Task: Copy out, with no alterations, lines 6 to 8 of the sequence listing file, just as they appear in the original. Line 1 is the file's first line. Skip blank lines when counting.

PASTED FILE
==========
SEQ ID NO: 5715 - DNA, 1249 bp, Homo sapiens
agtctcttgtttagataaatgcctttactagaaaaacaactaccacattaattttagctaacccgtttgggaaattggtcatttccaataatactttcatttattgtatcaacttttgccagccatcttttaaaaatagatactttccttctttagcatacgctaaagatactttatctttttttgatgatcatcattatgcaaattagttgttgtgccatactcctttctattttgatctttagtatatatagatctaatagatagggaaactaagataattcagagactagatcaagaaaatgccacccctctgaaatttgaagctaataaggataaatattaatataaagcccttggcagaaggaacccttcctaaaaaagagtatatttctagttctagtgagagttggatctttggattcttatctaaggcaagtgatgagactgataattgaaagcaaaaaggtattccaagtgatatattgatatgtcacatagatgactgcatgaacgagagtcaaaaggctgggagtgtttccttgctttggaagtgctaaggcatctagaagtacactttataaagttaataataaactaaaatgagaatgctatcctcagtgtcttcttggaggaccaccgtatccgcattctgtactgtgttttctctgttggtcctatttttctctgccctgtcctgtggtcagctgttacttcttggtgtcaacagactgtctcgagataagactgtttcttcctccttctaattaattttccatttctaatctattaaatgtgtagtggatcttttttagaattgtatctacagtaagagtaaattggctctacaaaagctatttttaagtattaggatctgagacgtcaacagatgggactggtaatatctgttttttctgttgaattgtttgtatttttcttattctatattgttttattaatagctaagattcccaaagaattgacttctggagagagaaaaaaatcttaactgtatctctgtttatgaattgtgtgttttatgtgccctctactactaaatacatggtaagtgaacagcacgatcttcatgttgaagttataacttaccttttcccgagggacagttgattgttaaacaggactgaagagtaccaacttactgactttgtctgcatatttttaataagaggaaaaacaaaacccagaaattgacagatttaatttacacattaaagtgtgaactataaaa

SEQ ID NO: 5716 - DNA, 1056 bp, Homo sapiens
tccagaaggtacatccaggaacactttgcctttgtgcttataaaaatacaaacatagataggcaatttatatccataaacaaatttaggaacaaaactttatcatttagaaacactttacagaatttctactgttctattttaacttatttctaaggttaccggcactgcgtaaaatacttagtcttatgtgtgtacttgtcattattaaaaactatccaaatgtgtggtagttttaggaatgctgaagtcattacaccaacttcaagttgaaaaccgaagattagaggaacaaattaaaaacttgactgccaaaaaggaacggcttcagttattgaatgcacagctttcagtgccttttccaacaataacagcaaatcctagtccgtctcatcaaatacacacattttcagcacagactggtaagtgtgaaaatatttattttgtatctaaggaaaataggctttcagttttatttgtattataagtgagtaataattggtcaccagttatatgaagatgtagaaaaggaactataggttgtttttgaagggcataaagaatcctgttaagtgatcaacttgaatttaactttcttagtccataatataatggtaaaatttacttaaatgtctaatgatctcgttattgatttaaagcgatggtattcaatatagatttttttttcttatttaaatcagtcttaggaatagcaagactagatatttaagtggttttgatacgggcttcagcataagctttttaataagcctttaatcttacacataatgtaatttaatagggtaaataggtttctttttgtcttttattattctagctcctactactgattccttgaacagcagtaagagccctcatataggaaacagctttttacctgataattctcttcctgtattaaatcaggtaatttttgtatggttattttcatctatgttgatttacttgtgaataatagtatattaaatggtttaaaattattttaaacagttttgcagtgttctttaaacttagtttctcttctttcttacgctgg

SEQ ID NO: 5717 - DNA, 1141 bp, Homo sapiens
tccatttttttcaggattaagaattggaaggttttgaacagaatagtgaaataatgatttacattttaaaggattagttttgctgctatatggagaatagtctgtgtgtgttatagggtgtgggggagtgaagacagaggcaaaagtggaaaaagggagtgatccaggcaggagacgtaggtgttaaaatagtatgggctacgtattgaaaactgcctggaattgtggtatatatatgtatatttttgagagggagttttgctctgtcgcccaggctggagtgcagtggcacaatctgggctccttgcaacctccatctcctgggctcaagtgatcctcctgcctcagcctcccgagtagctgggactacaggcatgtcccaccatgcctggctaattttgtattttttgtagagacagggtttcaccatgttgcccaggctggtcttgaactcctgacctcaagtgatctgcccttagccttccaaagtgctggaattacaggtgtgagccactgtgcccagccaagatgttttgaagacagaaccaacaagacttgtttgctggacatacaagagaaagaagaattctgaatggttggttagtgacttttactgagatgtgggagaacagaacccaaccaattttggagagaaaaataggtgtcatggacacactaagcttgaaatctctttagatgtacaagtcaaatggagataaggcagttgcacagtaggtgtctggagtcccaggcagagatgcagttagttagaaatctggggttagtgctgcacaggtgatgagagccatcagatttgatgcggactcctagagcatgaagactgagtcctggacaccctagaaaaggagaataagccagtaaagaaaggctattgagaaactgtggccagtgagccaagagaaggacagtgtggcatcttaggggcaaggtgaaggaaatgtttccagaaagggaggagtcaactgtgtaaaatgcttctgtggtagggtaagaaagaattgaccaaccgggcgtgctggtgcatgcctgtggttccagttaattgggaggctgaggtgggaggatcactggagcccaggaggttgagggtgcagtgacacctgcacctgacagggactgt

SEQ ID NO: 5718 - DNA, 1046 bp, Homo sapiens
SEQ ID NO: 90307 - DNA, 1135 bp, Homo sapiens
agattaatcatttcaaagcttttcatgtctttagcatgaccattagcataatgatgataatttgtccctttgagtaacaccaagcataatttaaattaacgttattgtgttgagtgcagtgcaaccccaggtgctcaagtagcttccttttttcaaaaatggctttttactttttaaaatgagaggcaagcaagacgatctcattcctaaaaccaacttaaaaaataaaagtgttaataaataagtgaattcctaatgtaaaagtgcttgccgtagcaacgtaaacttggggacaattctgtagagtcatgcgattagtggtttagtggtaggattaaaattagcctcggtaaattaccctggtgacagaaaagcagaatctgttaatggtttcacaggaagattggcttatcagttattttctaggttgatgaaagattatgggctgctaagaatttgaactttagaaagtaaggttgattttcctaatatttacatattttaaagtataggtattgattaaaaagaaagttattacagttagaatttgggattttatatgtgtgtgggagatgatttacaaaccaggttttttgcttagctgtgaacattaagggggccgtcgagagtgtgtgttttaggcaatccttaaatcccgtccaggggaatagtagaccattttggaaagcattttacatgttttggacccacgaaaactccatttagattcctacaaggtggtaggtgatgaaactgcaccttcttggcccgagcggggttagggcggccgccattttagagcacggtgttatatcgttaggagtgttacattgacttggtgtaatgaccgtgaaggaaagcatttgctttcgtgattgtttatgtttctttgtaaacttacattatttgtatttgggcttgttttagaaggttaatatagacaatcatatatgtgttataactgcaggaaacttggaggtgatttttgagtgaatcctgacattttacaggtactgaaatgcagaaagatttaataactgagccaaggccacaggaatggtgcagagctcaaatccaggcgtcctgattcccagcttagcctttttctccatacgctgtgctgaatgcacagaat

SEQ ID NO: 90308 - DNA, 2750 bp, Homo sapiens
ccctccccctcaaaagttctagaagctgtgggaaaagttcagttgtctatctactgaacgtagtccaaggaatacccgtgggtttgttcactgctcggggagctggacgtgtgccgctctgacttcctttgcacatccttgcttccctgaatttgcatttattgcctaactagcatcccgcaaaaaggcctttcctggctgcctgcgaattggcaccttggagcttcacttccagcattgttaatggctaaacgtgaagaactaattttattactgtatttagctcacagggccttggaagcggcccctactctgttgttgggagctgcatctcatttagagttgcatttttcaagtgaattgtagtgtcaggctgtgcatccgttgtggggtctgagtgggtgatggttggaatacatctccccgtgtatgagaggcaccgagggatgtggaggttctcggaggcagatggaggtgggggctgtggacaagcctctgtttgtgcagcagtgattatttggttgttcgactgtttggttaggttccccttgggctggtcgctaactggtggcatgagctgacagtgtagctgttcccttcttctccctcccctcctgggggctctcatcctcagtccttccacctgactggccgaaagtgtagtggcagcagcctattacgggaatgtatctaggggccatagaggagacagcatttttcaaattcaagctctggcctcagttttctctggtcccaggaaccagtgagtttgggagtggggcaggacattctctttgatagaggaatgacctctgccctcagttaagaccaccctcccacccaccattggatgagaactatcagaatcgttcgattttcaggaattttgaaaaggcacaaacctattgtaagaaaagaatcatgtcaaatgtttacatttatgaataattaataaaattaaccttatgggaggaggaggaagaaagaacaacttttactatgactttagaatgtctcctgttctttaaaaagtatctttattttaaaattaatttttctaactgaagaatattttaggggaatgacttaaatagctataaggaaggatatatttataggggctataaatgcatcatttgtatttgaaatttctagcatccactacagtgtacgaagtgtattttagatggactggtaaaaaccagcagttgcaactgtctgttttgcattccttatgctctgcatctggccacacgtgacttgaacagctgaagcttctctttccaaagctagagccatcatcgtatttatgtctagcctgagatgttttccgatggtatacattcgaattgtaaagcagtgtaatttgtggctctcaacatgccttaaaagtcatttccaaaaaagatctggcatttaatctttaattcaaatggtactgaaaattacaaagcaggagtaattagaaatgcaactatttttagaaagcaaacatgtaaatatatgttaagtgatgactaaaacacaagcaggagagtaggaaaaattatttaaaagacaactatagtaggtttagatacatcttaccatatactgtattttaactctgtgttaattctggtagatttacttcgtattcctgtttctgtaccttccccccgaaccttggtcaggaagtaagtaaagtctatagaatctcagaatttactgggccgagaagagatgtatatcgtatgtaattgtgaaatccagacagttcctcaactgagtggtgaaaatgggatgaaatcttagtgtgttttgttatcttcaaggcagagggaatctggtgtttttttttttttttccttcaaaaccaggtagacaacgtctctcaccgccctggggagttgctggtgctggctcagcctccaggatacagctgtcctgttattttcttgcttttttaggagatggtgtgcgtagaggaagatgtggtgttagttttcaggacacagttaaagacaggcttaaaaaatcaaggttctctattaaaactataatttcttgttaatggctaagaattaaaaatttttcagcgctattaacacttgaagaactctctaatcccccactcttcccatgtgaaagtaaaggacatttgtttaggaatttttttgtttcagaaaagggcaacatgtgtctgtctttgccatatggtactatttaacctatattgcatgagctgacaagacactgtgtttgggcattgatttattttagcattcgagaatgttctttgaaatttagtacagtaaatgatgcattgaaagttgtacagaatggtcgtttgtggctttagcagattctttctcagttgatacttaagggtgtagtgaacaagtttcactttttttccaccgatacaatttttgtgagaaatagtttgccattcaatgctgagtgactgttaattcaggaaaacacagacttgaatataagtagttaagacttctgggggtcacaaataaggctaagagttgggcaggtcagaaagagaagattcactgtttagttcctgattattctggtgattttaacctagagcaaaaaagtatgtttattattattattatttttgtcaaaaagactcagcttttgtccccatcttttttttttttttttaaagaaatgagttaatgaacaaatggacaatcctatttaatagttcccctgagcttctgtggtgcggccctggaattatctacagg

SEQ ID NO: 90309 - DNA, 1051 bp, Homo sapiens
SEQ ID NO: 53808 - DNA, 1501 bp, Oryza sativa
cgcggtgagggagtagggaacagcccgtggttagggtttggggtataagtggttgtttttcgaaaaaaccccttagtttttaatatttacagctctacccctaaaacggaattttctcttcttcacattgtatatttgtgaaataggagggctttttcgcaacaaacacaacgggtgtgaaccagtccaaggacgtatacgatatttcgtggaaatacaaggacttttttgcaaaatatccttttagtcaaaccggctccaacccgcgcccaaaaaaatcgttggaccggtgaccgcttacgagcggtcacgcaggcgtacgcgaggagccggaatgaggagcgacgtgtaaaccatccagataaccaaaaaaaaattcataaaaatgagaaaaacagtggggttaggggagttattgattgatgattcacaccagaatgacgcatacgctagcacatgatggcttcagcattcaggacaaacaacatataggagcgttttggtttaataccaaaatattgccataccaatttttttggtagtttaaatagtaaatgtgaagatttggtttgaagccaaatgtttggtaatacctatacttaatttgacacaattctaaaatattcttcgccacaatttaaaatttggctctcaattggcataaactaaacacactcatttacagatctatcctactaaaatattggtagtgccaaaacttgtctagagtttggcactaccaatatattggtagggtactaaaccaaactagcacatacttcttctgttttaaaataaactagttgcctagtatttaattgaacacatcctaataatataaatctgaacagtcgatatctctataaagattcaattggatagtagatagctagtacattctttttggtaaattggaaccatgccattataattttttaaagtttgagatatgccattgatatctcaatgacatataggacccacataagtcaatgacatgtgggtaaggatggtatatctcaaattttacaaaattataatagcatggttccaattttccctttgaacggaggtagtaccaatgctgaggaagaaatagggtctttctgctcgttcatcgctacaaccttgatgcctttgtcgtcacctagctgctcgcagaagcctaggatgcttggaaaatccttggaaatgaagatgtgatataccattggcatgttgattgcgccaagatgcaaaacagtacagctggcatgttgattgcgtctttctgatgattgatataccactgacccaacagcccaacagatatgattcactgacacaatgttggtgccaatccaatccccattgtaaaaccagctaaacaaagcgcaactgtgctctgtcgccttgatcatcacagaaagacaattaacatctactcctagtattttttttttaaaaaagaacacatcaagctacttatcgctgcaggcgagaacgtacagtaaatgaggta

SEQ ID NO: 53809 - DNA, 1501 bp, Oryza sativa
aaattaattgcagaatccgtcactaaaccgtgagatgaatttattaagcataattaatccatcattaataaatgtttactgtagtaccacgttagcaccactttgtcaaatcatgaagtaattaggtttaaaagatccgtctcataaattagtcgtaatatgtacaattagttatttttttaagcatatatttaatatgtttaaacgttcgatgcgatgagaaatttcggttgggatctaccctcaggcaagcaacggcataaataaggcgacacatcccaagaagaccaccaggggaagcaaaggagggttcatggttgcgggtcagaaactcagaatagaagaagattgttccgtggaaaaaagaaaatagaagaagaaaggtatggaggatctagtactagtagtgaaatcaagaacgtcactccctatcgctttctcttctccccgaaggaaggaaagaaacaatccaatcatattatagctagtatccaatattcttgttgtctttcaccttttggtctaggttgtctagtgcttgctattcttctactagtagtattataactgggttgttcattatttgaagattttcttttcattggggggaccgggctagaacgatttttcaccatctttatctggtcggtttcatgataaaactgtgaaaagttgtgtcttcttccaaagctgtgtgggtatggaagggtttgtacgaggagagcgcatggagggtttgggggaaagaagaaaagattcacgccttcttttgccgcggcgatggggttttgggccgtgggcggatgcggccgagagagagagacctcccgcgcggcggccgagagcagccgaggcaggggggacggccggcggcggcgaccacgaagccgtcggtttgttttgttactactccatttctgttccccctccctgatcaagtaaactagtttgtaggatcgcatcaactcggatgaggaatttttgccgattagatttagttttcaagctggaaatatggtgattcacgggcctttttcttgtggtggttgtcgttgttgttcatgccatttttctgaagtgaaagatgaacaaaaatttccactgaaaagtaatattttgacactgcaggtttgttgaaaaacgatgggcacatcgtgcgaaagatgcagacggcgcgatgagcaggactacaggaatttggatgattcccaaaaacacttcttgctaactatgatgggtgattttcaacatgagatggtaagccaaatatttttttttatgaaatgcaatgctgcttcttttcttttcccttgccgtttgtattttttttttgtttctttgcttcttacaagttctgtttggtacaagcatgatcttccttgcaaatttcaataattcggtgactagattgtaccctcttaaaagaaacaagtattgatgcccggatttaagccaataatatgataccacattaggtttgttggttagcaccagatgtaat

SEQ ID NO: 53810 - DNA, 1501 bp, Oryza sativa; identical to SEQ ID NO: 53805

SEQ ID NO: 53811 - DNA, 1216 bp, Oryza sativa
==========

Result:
tccatttttttcaggattaagaattggaaggttttgaacagaatagtgaaataatgatttacattttaaaggattagttttgctgctatatggagaatagtctgtgtgtgttatagggtgtgggggagtgaagacagaggcaaaagtggaaaaagggagtgatccaggcaggagacgtaggtgttaaaatagtatgggctacgtattgaaaactgcctggaattgtggtatatatatgtatatttttgagagggagttttgctctgtcgcccaggctggagtgcagtggcacaatctgggctccttgcaacctccatctcctgggctcaagtgatcctcctgcctcagcctcccgagtagctgggactacaggcatgtcccaccatgcctggctaattttgtattttttgtagagacagggtttcaccatgttgcccaggctggtcttgaactcctgacctcaagtgatctgcccttagccttccaaagtgctggaattacaggtgtgagccactgtgcccagccaagatgttttgaagacagaaccaacaagacttgtttgctggacatacaagagaaagaagaattctgaatggttggttagtgacttttactgagatgtgggagaacagaacccaaccaattttggagagaaaaataggtgtcatggacacactaagcttgaaatctctttagatgtacaagtcaaatggagataaggcagttgcacagtaggtgtctggagtcccaggcagagatgcagttagttagaaatctggggttagtgctgcacaggtgatgagagccatcagatttgatgcggactcctagagcatgaagactgagtcctggacaccctagaaaaggagaataagccagtaaagaaaggctattgagaaactgtggccagtgagccaagagaaggacagtgtggcatcttaggggcaaggtgaaggaaatgtttccagaaagggaggagtcaactgtgtaaaatgcttctgtggtagggtaagaaagaattgaccaaccgggcgtgctggtgcatgcctgtggttccagttaattgggaggctgaggtgggaggatcactggagcccaggaggttgagggtgcagtgacacctgcacctgacagggactgt

SEQ ID NO: 5718 - DNA, 1046 bp, Homo sapiens
SEQ ID NO: 90307 - DNA, 1135 bp, Homo sapiens